Parents around the world have different views on parenting. In the Nordic countries, it is extremely common for babies to sleep outside. In Italy and many other European countries, near-teens can sip a little wine with the family at dinner.
1. Norwegian babies sleep outdoors
In the Nordic countries, it is extremely common for babies to sleep outside. Parents in Norway, Sweden and Finland believe that sleeping outside has many health benefits for their children.
Even in the bitter cold of winter, babies are often dressed warm and placed in a stroller to rest outdoors, enjoying the fresh air in nature instead of the air in a closed room. This is thought to help reduce the risk of a cold or seasonal flu.
2. Finnish children get regular breaks
In Finland, primary school students have a 15-minute break after every 45-minute lesson. By allowing children to take regular breaks to exercise and play, it is expected that children will increase their ability to concentrate during school hours. In fact, Finland has the best education system in the world.
3. Hong Kong, Taiwan and India kids sleep late
Parents around the world have different opinions about when their kids should go to bed. While parents in New Zealand and Australia put their children to bed at around 7:30 p.m., parents in Hong Kong, India and Taiwan put their children to bed at around 10 p.m.
4. Children in Italy taste wine at dinner
In Italy and many other European countries, near-teens can sip a little wine with the family over dinner. While the legal age to buy alcohol is 18 in most European countries, family-supervised tasting is not a concern.
Some studies show that children who taste alcohol at dinner with family supervision can reduce their risk of substance abuse problems later in life.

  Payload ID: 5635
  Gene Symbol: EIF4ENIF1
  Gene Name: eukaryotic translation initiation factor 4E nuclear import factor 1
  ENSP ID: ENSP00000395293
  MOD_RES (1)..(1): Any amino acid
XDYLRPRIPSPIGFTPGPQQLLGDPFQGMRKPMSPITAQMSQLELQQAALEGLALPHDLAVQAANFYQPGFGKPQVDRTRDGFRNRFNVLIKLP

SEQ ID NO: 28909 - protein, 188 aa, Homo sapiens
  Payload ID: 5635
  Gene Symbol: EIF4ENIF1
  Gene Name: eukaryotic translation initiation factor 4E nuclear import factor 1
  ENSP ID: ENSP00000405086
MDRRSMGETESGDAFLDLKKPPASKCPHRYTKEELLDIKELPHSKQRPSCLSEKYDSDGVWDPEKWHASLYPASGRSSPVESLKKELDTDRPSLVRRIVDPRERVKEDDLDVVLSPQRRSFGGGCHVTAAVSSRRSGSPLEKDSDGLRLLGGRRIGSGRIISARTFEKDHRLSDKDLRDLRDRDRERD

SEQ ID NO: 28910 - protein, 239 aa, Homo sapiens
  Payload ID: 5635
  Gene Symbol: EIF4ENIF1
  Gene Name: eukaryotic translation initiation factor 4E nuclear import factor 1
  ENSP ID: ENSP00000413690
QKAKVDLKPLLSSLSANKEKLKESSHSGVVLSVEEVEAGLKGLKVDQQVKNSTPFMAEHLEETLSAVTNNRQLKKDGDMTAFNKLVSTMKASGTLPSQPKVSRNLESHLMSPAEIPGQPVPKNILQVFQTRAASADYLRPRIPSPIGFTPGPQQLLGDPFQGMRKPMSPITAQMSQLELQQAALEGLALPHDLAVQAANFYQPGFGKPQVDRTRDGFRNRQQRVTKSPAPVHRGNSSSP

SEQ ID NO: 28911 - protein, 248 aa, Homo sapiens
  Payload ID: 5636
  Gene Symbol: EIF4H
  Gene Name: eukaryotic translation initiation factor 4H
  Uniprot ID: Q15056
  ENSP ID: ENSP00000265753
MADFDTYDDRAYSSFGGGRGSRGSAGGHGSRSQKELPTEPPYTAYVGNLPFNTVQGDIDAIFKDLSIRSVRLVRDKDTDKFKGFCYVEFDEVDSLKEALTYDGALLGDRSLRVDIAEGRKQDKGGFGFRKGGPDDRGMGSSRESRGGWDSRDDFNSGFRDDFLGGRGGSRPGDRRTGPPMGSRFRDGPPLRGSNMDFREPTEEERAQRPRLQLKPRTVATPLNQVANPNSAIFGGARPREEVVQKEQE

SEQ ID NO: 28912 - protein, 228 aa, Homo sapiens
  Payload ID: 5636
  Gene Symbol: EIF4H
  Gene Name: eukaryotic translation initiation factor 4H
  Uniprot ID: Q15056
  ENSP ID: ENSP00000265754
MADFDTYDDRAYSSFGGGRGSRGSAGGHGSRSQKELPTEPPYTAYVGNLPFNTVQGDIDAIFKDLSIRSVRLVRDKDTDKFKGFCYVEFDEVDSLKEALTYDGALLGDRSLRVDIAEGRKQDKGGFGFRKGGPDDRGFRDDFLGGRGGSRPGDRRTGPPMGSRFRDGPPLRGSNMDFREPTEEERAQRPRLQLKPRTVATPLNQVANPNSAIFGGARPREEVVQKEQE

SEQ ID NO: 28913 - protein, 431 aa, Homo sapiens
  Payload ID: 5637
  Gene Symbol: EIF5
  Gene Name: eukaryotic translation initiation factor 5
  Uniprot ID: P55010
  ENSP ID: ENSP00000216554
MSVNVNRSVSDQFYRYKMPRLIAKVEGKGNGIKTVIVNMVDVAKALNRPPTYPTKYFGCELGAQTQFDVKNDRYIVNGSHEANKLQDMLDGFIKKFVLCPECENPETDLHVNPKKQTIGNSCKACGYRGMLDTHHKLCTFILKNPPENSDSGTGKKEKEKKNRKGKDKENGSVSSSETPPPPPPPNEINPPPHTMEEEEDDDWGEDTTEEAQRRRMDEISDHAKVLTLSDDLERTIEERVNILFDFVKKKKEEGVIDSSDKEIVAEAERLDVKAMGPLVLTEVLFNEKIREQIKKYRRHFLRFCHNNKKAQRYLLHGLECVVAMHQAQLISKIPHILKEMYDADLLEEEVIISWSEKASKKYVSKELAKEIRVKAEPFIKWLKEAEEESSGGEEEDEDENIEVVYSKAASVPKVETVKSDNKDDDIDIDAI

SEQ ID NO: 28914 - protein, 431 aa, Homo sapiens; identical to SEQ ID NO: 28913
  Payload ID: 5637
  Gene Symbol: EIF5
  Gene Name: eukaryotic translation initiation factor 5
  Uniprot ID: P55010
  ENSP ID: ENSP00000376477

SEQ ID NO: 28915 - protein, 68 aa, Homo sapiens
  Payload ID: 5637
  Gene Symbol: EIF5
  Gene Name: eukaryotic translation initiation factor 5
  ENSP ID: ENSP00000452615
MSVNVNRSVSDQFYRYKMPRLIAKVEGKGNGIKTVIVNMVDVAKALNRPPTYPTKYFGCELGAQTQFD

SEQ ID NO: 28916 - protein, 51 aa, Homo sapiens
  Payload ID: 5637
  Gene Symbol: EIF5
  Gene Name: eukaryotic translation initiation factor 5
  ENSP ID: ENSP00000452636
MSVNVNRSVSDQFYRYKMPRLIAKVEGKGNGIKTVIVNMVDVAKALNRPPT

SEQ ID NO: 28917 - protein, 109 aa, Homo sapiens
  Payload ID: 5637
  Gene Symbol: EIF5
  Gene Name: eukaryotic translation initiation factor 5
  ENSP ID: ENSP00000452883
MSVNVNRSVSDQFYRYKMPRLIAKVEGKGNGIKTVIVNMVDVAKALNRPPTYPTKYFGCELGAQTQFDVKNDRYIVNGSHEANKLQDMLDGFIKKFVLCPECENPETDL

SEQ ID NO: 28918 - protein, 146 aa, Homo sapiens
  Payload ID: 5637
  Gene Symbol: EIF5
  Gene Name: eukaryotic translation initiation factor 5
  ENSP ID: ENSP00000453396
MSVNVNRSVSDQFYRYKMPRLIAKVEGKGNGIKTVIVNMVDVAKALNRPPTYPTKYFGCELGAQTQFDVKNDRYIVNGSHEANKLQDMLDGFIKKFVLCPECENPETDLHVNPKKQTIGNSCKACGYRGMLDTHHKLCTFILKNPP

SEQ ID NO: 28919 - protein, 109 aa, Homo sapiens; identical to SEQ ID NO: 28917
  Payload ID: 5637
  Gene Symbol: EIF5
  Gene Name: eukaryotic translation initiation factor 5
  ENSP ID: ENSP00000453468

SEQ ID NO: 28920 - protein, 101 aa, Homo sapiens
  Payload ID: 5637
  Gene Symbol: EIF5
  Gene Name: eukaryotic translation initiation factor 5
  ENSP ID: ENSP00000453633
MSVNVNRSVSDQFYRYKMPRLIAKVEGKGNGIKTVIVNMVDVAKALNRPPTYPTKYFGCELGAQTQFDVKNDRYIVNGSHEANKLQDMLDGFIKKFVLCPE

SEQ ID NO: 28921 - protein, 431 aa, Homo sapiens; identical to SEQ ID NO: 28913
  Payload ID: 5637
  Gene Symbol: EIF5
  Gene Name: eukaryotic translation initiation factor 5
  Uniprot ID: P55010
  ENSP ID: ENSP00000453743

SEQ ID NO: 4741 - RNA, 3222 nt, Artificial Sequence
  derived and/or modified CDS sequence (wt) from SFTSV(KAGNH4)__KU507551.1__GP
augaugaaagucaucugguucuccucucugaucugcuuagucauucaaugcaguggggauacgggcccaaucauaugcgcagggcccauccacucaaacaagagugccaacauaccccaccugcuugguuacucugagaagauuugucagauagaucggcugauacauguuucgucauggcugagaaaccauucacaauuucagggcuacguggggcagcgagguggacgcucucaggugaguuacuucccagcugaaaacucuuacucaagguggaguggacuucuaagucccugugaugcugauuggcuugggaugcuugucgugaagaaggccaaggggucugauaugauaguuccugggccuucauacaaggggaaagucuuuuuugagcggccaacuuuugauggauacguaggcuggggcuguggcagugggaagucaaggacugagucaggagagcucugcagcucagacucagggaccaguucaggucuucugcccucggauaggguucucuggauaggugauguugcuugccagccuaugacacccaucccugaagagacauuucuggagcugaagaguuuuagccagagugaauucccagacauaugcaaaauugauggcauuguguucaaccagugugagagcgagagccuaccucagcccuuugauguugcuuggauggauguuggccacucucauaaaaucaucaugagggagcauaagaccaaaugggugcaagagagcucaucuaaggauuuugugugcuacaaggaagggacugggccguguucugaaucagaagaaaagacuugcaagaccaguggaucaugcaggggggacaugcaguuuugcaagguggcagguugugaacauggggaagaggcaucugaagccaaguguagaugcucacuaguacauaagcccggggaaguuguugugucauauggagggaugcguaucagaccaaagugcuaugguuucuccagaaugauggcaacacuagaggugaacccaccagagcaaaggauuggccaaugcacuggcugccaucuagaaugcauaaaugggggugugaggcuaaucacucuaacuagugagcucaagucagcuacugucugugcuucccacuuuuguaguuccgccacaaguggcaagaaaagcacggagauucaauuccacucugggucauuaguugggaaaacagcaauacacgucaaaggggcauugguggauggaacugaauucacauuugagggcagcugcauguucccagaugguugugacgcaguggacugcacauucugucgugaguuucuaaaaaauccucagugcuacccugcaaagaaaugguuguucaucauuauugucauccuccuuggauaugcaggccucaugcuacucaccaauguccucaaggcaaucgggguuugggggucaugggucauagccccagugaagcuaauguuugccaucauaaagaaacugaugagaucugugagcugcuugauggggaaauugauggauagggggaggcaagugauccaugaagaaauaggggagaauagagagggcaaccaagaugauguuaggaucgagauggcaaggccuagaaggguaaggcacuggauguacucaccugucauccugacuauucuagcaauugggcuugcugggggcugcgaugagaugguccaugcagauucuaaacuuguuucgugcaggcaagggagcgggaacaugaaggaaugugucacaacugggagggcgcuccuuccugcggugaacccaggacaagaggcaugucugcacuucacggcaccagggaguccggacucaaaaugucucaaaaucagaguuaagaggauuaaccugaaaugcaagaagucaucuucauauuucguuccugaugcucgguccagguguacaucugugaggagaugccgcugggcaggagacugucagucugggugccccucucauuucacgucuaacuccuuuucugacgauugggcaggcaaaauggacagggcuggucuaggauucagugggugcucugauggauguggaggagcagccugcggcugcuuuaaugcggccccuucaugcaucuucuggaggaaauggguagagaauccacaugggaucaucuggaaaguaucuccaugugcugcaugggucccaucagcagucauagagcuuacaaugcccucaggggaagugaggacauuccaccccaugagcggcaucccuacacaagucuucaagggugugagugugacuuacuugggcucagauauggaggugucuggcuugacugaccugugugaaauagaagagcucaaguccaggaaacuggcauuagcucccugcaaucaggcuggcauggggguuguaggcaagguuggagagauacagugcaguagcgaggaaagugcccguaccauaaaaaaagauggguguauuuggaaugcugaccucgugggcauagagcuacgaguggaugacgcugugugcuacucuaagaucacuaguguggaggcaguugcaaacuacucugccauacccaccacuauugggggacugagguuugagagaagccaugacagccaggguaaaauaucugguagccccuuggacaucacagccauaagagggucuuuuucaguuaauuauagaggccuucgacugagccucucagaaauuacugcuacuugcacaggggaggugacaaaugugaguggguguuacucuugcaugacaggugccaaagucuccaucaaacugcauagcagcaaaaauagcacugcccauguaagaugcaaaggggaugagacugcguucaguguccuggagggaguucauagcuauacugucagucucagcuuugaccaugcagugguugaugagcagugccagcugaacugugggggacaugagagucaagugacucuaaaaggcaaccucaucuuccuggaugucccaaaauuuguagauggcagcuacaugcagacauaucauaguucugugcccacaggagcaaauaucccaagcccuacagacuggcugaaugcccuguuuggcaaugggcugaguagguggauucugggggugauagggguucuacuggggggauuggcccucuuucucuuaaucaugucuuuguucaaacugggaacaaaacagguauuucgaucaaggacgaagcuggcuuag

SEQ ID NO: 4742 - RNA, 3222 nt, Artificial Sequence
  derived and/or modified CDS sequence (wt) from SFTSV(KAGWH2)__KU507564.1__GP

5. Swedish children are protected by law from caning
Sweden became the first country in the world to ban spanking when it enacted a law in 1979. That means the first generation of children to have never been subjected to corporal punishment are now fostering parents. teach children.
Following Sweden’s example, the list of countries that ban corporal punishment is growing. Currently, there are 52 countries in the world that have officially applied this ban.
6. French children learn to enjoy meals
You will hardly see French children shoveling food in a hurry to pass the meal. French schools allow students to spend a minimum of 30 minutes eating lunch. Many schools even have a much longer sitting time at the table and then a comfortable break. Lunch time is an opportunity for children to socialize and try new foods.
French parents also believe that it is important to teach children how to slow down to enjoy food. This habit is inculcated at a very young age.
7. Chinese children learn to use the toilet early
Unlike many countries in the world, Chinese parents train their children to go to the toilet very early with a unique outfit called crotch pants, which exposes the child’s entire bottom. No need to pull down pants, or change diapers, babies just need to squat or ask parents for support.
Diapers are more widely used in China in recent years. However, parents in many rural areas continue to use bottomless pants for their children.
8. Japanese children use public transport alone
Japanese parents believe that it is necessary to provide children with the necessary skills so that they can find their own way, get to school and return home safely.
Besides using public transport without adult supervision, Japanese children are often asked to do simple chores to help their parents. It’s not uncommon for young children to go to the bakery or grocery store to pick up a few items. Japanese parents want their children to be independent soon.
9. 7-year-old Liechtenstein children go to school
Although five-year-olds in the UK and Australia have entered full school age, parents in Liechtenstein, a small European country, can choose not to send their children to school until they are seven.
Starting school later is unlikely to slow down a child’s educational development. Liechtenstein claims the nation’s literacy rate is 100%.
at Blogtuan.info – Source: vtc.vn – Read the original article here